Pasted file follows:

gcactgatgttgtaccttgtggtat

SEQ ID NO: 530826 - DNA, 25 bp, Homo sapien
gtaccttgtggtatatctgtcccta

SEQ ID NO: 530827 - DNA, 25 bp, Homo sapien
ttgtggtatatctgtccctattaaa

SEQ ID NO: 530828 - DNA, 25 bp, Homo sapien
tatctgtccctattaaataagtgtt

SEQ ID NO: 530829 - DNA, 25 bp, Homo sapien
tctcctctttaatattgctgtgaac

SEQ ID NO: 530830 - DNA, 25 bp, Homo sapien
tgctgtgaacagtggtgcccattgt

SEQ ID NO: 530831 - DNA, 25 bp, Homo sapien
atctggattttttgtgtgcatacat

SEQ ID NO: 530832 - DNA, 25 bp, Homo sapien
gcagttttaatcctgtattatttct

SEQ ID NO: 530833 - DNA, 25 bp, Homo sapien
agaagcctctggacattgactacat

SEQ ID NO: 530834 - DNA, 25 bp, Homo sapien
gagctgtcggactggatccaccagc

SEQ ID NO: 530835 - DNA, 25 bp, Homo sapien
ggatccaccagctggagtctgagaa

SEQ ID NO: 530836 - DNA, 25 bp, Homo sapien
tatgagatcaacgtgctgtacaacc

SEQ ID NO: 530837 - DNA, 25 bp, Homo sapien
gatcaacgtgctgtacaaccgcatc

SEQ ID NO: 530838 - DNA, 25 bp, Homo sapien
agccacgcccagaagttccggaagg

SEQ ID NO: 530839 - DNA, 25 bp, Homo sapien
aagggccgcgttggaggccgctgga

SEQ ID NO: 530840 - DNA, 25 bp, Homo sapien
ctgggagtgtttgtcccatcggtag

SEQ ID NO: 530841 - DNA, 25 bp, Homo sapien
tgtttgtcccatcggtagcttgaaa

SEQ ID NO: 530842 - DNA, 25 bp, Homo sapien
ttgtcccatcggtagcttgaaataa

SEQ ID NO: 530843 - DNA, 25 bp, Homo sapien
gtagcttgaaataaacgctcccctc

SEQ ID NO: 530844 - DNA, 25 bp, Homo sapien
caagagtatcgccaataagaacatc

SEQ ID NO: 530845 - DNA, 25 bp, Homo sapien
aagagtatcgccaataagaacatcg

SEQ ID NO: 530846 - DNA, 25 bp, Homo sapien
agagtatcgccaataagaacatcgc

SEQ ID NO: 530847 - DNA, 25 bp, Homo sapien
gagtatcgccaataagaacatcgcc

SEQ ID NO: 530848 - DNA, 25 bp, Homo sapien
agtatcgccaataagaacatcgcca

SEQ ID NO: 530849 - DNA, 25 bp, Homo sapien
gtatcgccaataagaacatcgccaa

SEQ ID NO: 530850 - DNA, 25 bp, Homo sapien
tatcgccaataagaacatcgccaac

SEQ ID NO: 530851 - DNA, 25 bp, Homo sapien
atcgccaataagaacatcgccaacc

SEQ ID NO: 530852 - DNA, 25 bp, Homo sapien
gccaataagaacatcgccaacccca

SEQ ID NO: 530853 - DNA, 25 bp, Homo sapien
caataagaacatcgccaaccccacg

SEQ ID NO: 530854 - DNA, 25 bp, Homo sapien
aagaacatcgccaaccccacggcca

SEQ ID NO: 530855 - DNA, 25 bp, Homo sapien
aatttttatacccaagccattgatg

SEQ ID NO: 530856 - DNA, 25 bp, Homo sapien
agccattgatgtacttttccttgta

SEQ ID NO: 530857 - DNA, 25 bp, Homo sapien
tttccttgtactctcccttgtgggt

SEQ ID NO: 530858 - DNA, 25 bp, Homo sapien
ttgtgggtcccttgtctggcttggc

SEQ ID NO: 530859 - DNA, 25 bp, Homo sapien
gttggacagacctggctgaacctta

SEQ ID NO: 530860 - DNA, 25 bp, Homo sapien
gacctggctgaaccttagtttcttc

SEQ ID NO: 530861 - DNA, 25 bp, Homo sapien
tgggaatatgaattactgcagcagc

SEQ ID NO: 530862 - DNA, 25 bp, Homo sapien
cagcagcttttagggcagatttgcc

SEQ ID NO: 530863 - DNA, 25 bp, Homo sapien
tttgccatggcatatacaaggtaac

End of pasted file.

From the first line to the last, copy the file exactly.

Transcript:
gcactgatgttgtaccttgtggtat

SEQ ID NO: 530826 - DNA, 25 bp, Homo sapien
gtaccttgtggtatatctgtcccta

SEQ ID NO: 530827 - DNA, 25 bp, Homo sapien
ttgtggtatatctgtccctattaaa

SEQ ID NO: 530828 - DNA, 25 bp, Homo sapien
tatctgtccctattaaataagtgtt

SEQ ID NO: 530829 - DNA, 25 bp, Homo sapien
tctcctctttaatattgctgtgaac

SEQ ID NO: 530830 - DNA, 25 bp, Homo sapien
tgctgtgaacagtggtgcccattgt

SEQ ID NO: 530831 - DNA, 25 bp, Homo sapien
atctggattttttgtgtgcatacat

SEQ ID NO: 530832 - DNA, 25 bp, Homo sapien
gcagttttaatcctgtattatttct

SEQ ID NO: 530833 - DNA, 25 bp, Homo sapien
agaagcctctggacattgactacat

SEQ ID NO: 530834 - DNA, 25 bp, Homo sapien
gagctgtcggactggatccaccagc

SEQ ID NO: 530835 - DNA, 25 bp, Homo sapien
ggatccaccagctggagtctgagaa

SEQ ID NO: 530836 - DNA, 25 bp, Homo sapien
tatgagatcaacgtgctgtacaacc

SEQ ID NO: 530837 - DNA, 25 bp, Homo sapien
gatcaacgtgctgtacaaccgcatc

SEQ ID NO: 530838 - DNA, 25 bp, Homo sapien
agccacgcccagaagttccggaagg

SEQ ID NO: 530839 - DNA, 25 bp, Homo sapien
aagggccgcgttggaggccgctgga

SEQ ID NO: 530840 - DNA, 25 bp, Homo sapien
ctgggagtgtttgtcccatcggtag

SEQ ID NO: 530841 - DNA, 25 bp, Homo sapien
tgtttgtcccatcggtagcttgaaa

SEQ ID NO: 530842 - DNA, 25 bp, Homo sapien
ttgtcccatcggtagcttgaaataa

SEQ ID NO: 530843 - DNA, 25 bp, Homo sapien
gtagcttgaaataaacgctcccctc

SEQ ID NO: 530844 - DNA, 25 bp, Homo sapien
caagagtatcgccaataagaacatc

SEQ ID NO: 530845 - DNA, 25 bp, Homo sapien
aagagtatcgccaataagaacatcg

SEQ ID NO: 530846 - DNA, 25 bp, Homo sapien
agagtatcgccaataagaacatcgc

SEQ ID NO: 530847 - DNA, 25 bp, Homo sapien
gagtatcgccaataagaacatcgcc

SEQ ID NO: 530848 - DNA, 25 bp, Homo sapien
agtatcgccaataagaacatcgcca

SEQ ID NO: 530849 - DNA, 25 bp, Homo sapien
gtatcgccaataagaacatcgccaa

SEQ ID NO: 530850 - DNA, 25 bp, Homo sapien
tatcgccaataagaacatcgccaac

SEQ ID NO: 530851 - DNA, 25 bp, Homo sapien
atcgccaataagaacatcgccaacc

SEQ ID NO: 530852 - DNA, 25 bp, Homo sapien
gccaataagaacatcgccaacccca

SEQ ID NO: 530853 - DNA, 25 bp, Homo sapien
caataagaacatcgccaaccccacg

SEQ ID NO: 530854 - DNA, 25 bp, Homo sapien
aagaacatcgccaaccccacggcca

SEQ ID NO: 530855 - DNA, 25 bp, Homo sapien
aatttttatacccaagccattgatg

SEQ ID NO: 530856 - DNA, 25 bp, Homo sapien
agccattgatgtacttttccttgta

SEQ ID NO: 530857 - DNA, 25 bp, Homo sapien
tttccttgtactctcccttgtgggt

SEQ ID NO: 530858 - DNA, 25 bp, Homo sapien
ttgtgggtcccttgtctggcttggc

SEQ ID NO: 530859 - DNA, 25 bp, Homo sapien
gttggacagacctggctgaacctta

SEQ ID NO: 530860 - DNA, 25 bp, Homo sapien
gacctggctgaaccttagtttcttc

SEQ ID NO: 530861 - DNA, 25 bp, Homo sapien
tgggaatatgaattactgcagcagc

SEQ ID NO: 530862 - DNA, 25 bp, Homo sapien
cagcagcttttagggcagatttgcc

SEQ ID NO: 530863 - DNA, 25 bp, Homo sapien
tttgccatggcatatacaaggtaac